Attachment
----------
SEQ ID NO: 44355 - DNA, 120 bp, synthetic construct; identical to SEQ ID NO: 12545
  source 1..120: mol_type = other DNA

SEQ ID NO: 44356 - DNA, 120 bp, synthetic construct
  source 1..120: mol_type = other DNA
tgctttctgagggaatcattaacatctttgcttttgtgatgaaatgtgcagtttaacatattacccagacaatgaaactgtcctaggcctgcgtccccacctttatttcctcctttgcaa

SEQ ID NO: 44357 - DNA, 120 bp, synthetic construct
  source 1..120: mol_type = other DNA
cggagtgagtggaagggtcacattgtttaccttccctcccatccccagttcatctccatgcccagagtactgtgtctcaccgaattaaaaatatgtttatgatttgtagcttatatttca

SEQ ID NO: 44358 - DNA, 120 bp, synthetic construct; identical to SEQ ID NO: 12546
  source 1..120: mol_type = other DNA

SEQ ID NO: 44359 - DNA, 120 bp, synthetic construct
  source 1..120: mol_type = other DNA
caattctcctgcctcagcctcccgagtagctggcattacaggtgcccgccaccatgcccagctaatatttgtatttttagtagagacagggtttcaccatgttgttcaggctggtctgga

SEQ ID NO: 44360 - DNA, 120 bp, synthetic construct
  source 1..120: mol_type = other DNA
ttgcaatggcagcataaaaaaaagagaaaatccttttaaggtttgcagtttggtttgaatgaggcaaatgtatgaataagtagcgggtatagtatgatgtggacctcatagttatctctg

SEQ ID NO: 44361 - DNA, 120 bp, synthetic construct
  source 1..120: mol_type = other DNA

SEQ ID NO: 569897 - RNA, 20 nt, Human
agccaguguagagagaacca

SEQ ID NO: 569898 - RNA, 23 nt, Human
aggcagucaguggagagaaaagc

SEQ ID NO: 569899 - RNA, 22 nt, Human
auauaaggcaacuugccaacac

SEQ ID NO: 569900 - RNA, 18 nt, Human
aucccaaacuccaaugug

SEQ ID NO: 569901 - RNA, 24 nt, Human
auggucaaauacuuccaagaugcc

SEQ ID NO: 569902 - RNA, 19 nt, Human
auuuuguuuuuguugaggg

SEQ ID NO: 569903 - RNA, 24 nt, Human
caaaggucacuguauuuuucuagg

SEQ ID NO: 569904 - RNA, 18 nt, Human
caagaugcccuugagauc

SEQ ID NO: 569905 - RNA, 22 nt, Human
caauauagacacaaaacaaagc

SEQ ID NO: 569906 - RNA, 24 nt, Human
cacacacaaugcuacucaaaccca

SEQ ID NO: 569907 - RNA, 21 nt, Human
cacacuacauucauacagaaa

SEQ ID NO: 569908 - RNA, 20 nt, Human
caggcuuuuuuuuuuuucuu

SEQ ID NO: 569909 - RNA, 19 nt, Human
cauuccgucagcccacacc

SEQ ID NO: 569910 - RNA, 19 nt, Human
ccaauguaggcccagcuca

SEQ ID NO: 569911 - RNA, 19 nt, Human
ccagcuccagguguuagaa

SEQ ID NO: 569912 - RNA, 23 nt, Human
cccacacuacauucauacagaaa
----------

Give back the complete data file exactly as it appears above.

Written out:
SEQ ID NO: 44355 - DNA, 120 bp, synthetic construct; identical to SEQ ID NO: 12545
  source 1..120: mol_type = other DNA

SEQ ID NO: 44356 - DNA, 120 bp, synthetic construct
  source 1..120: mol_type = other DNA
tgctttctgagggaatcattaacatctttgcttttgtgatgaaatgtgcagtttaacatattacccagacaatgaaactgtcctaggcctgcgtccccacctttatttcctcctttgcaa

SEQ ID NO: 44357 - DNA, 120 bp, synthetic construct
  source 1..120: mol_type = other DNA
cggagtgagtggaagggtcacattgtttaccttccctcccatccccagttcatctccatgcccagagtactgtgtctcaccgaattaaaaatatgtttatgatttgtagcttatatttca

SEQ ID NO: 44358 - DNA, 120 bp, synthetic construct; identical to SEQ ID NO: 12546
  source 1..120: mol_type = other DNA

SEQ ID NO: 44359 - DNA, 120 bp, synthetic construct
  source 1..120: mol_type = other DNA
caattctcctgcctcagcctcccgagtagctggcattacaggtgcccgccaccatgcccagctaatatttgtatttttagtagagacagggtttcaccatgttgttcaggctggtctgga

SEQ ID NO: 44360 - DNA, 120 bp, synthetic construct
  source 1..120: mol_type = other DNA
ttgcaatggcagcataaaaaaaagagaaaatccttttaaggtttgcagtttggtttgaatgaggcaaatgtatgaataagtagcgggtatagtatgatgtggacctcatagttatctctg

SEQ ID NO: 44361 - DNA, 120 bp, synthetic construct
  source 1..120: mol_type = other DNA

SEQ ID NO: 569897 - RNA, 20 nt, Human
agccaguguagagagaacca

SEQ ID NO: 569898 - RNA, 23 nt, Human
aggcagucaguggagagaaaagc

SEQ ID NO: 569899 - RNA, 22 nt, Human
auauaaggcaacuugccaacac

SEQ ID NO: 569900 - RNA, 18 nt, Human
aucccaaacuccaaugug

SEQ ID NO: 569901 - RNA, 24 nt, Human
auggucaaauacuuccaagaugcc

SEQ ID NO: 569902 - RNA, 19 nt, Human
auuuuguuuuuguugaggg

SEQ ID NO: 569903 - RNA, 24 nt, Human
caaaggucacuguauuuuucuagg

SEQ ID NO: 569904 - RNA, 18 nt, Human
caagaugcccuugagauc

SEQ ID NO: 569905 - RNA, 22 nt, Human
caauauagacacaaaacaaagc

SEQ ID NO: 569906 - RNA, 24 nt, Human
cacacacaaugcuacucaaaccca

SEQ ID NO: 569907 - RNA, 21 nt, Human
cacacuacauucauacagaaa

SEQ ID NO: 569908 - RNA, 20 nt, Human
caggcuuuuuuuuuuuucuu

SEQ ID NO: 569909 - RNA, 19 nt, Human
cauuccgucagcccacacc

SEQ ID NO: 569910 - RNA, 19 nt, Human
ccaauguaggcccagcuca

SEQ ID NO: 569911 - RNA, 19 nt, Human
ccagcuccagguguuagaa

SEQ ID NO: 569912 - RNA, 23 nt, Human
cccacacuacauucauacagaaa